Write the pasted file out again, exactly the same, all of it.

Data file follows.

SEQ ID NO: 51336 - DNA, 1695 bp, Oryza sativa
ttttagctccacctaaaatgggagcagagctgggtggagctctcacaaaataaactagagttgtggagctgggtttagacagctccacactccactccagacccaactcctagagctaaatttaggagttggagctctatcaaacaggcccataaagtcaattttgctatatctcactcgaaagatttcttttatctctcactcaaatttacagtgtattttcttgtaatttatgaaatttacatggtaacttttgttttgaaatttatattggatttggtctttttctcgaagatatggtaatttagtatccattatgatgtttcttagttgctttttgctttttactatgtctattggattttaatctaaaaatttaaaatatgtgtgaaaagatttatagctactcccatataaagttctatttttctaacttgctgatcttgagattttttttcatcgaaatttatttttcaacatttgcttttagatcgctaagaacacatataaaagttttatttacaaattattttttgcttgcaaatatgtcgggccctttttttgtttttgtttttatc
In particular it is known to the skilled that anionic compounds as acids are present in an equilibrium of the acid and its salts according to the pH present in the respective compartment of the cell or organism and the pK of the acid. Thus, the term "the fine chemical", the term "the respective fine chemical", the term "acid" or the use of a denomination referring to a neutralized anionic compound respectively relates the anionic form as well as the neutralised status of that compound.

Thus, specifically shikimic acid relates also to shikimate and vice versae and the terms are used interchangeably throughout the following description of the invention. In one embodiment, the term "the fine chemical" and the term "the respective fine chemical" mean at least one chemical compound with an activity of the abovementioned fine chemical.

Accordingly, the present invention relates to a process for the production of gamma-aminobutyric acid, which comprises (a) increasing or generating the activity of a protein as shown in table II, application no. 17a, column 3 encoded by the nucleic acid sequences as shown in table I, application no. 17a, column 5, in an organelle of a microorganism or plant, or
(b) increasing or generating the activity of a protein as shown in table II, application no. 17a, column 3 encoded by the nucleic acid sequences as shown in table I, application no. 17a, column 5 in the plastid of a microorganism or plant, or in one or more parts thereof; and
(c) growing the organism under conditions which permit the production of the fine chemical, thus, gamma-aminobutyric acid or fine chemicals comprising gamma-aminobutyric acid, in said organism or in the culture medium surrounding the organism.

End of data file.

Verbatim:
SEQ ID NO: 51336 - DNA, 1695 bp, Oryza sativa
ttttagctccacctaaaatgggagcagagctgggtggagctctcacaaaataaactagagttgtggagctgggtttagacagctccacactccactccagacccaactcctagagctaaatttaggagttggagctctatcaaacaggcccataaagtcaattttgctatatctcactcgaaagatttcttttatctctcactcaaatttacagtgtattttcttgtaatttatgaaatttacatggtaacttttgttttgaaatttatattggatttggtctttttctcgaagatatggtaatttagtatccattatgatgtttcttagttgctttttgctttttactatgtctattggattttaatctaaaaatttaaaatatgtgtgaaaagatttatagctactcccatataaagttctatttttctaacttgctgatcttgagattttttttcatcgaaatttatttttcaacatttgcttttagatcgctaagaacacatataaaagttttatttacaaattattttttgcttgcaaatatgtcgggccctttttttgtttttgtttttatc
In particular it is known to the skilled that anionic compounds as acids are present in an equilibrium of the acid and its salts according to the pH present in the respective compartment of the cell or organism and the pK of the acid. Thus, the term "the fine chemical", the term "the respective fine chemical", the term "acid" or the use of a denomination referring to a neutralized anionic compound respectively relates the anionic form as well as the neutralised status of that compound.

Thus, specifically shikimic acid relates also to shikimate and vice versae and the terms are used interchangeably throughout the following description of the invention. In one embodiment, the term "the fine chemical" and the term "the respective fine chemical" mean at least one chemical compound with an activity of the abovementioned fine chemical.

Accordingly, the present invention relates to a process for the production of gamma-aminobutyric acid, which comprises (a) increasing or generating the activity of a protein as shown in table II, application no. 17a, column 3 encoded by the nucleic acid sequences as shown in table I, application no. 17a, column 5, in an organelle of a microorganism or plant, or
(b) increasing or generating the activity of a protein as shown in table II, application no. 17a, column 3 encoded by the nucleic acid sequences as shown in table I, application no. 17a, column 5 in the plastid of a microorganism or plant, or in one or more parts thereof; and
(c) growing the organism under conditions which permit the production of the fine chemical, thus, gamma-aminobutyric acid or fine chemicals comprising gamma-aminobutyric acid, in said organism or in the culture medium surrounding the organism.